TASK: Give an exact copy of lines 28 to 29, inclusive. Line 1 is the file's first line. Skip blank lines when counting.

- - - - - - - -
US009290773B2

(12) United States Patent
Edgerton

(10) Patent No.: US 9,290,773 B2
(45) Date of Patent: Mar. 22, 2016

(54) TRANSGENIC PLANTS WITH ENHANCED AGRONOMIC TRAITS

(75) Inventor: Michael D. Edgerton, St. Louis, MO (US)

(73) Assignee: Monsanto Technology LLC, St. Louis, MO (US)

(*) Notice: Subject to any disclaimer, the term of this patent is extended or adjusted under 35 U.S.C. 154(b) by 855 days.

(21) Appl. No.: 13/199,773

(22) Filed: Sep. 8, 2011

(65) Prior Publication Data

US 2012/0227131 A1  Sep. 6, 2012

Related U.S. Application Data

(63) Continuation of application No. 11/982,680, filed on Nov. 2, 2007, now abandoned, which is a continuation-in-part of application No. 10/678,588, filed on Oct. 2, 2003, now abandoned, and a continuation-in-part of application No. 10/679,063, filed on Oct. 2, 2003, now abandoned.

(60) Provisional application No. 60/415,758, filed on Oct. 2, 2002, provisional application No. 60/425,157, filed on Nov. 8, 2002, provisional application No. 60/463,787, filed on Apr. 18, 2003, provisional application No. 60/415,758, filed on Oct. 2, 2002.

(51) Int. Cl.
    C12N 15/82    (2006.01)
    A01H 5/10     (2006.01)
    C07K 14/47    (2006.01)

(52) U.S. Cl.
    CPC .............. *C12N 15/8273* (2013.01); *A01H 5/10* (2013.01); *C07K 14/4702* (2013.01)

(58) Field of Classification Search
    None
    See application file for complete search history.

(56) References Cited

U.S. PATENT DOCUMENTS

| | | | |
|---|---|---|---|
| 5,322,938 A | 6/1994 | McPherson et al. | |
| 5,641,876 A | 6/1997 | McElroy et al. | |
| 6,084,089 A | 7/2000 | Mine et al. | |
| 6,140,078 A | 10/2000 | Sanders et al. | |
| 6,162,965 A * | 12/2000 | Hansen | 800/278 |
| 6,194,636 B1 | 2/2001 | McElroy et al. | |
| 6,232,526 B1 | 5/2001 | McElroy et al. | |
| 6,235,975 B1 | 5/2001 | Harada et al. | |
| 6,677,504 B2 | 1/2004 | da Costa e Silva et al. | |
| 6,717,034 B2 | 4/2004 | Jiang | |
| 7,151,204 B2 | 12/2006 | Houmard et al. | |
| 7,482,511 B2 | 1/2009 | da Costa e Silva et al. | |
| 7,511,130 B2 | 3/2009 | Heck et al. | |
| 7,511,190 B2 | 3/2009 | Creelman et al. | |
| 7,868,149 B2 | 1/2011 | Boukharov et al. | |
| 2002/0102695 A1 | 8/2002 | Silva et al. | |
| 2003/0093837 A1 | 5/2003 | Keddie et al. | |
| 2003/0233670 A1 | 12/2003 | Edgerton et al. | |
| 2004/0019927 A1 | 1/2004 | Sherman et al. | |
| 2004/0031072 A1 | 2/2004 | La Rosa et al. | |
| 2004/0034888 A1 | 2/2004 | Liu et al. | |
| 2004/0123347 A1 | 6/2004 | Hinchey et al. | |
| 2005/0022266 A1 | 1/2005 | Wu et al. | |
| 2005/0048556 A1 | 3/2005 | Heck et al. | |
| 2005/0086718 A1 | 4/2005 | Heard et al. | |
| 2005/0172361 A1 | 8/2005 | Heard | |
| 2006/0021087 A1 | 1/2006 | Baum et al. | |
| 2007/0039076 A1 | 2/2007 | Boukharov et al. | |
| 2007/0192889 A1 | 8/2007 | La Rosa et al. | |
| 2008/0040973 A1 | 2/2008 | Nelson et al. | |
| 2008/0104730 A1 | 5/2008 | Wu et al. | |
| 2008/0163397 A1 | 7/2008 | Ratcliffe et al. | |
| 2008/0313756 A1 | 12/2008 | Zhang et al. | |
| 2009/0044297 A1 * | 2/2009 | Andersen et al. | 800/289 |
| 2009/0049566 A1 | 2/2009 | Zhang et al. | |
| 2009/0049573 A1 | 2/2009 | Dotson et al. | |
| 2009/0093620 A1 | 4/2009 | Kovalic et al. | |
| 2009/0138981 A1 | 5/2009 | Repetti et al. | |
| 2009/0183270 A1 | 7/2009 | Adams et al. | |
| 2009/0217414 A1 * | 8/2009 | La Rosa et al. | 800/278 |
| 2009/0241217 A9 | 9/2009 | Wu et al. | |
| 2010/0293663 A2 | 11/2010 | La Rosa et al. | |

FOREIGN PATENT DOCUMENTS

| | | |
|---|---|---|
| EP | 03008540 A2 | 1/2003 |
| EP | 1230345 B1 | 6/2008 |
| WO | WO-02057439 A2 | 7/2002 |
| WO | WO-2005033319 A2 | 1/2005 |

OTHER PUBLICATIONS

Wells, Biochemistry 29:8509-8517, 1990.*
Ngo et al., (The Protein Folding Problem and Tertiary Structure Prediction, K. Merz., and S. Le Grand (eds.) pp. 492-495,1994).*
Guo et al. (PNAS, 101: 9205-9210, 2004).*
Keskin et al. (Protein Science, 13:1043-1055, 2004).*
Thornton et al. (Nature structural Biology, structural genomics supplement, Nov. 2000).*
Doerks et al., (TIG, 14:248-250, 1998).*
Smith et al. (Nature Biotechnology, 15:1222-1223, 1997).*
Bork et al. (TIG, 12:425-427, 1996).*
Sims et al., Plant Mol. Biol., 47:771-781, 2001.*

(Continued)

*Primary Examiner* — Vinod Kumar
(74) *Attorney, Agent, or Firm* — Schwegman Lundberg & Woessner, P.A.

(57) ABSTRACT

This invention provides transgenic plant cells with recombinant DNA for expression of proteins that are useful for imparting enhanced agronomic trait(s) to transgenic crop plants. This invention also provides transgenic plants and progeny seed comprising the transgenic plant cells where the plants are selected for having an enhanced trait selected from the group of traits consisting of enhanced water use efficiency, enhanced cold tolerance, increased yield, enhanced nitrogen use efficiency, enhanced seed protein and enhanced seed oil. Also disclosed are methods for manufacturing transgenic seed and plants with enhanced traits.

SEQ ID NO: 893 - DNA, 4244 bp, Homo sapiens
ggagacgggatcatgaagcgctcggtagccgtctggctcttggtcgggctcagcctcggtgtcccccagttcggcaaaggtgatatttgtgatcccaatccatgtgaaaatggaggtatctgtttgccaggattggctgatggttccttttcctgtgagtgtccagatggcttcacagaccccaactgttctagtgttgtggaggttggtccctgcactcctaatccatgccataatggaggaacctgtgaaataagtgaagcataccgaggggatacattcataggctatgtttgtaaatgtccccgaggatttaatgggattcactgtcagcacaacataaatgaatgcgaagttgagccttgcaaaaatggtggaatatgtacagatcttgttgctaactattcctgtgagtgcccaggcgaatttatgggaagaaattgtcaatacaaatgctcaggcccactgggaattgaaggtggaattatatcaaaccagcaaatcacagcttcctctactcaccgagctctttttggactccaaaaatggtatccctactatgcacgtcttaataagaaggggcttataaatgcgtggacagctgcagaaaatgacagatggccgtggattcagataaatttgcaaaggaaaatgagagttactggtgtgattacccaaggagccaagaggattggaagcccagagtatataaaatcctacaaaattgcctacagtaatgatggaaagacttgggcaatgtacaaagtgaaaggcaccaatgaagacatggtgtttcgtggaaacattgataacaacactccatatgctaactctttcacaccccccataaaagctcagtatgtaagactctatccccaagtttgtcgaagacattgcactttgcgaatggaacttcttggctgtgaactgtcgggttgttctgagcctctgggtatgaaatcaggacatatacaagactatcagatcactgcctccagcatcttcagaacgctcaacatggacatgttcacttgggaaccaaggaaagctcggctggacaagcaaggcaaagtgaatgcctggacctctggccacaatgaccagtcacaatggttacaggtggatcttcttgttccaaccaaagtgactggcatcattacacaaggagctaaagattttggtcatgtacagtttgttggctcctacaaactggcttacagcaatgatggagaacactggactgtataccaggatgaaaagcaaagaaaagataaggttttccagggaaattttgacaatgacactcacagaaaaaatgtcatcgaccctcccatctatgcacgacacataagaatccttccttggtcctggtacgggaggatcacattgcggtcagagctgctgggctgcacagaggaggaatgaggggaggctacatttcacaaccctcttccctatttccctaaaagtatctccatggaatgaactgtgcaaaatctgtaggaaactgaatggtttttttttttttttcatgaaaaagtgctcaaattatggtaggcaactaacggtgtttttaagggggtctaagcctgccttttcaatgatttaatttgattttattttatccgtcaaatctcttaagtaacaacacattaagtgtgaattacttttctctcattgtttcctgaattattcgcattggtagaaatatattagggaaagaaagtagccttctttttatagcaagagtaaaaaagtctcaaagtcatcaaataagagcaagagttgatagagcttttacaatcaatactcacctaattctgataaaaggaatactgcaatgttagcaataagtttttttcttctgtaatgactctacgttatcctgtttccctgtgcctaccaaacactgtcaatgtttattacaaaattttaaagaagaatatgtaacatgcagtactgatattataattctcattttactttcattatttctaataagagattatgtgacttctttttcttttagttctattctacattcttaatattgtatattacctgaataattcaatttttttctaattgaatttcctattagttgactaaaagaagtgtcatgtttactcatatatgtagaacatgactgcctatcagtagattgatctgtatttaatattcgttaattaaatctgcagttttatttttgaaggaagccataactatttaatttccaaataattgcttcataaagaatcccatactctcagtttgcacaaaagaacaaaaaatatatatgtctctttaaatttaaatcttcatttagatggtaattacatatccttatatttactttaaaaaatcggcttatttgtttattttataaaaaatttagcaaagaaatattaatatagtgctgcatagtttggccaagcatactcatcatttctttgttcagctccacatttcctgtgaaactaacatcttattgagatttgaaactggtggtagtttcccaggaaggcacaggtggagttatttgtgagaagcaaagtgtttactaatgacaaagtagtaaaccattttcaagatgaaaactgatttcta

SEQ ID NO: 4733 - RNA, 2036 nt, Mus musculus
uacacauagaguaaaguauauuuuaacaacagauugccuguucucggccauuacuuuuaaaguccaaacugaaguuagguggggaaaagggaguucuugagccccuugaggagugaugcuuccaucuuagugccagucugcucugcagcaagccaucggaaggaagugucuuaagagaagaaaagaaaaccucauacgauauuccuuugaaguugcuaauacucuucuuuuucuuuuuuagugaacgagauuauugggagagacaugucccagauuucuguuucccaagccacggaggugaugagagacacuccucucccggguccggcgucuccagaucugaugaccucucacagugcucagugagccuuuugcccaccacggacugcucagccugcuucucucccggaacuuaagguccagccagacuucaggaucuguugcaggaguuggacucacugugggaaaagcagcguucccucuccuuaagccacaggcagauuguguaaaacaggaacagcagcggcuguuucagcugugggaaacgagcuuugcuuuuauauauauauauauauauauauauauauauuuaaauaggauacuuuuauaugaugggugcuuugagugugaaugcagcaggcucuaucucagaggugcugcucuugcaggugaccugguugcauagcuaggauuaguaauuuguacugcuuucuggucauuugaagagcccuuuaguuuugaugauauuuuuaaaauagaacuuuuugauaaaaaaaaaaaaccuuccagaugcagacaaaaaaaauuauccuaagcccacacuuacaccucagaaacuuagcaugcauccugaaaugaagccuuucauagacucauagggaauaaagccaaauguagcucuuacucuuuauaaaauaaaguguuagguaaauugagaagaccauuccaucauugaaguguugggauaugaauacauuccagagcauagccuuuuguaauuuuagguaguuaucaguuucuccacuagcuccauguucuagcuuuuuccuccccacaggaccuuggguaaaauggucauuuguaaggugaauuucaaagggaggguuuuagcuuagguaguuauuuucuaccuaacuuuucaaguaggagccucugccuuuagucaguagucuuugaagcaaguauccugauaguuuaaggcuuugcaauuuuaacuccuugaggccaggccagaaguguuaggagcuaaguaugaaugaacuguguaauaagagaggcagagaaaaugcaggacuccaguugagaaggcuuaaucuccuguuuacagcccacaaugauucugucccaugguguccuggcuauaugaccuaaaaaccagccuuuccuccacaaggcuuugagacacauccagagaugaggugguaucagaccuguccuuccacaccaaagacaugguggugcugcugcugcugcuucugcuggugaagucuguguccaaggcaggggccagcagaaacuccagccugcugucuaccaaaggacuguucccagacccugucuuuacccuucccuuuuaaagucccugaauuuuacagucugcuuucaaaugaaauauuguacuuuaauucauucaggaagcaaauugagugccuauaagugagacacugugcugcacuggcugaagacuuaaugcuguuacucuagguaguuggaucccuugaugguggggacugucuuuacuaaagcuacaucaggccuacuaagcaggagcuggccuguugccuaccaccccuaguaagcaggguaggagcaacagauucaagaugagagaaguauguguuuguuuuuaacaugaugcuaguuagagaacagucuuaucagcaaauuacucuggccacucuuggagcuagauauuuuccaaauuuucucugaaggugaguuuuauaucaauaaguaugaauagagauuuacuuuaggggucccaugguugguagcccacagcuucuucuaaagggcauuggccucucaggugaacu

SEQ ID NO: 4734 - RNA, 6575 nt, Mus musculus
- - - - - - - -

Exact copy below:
| | | | |
|---|---|---|---|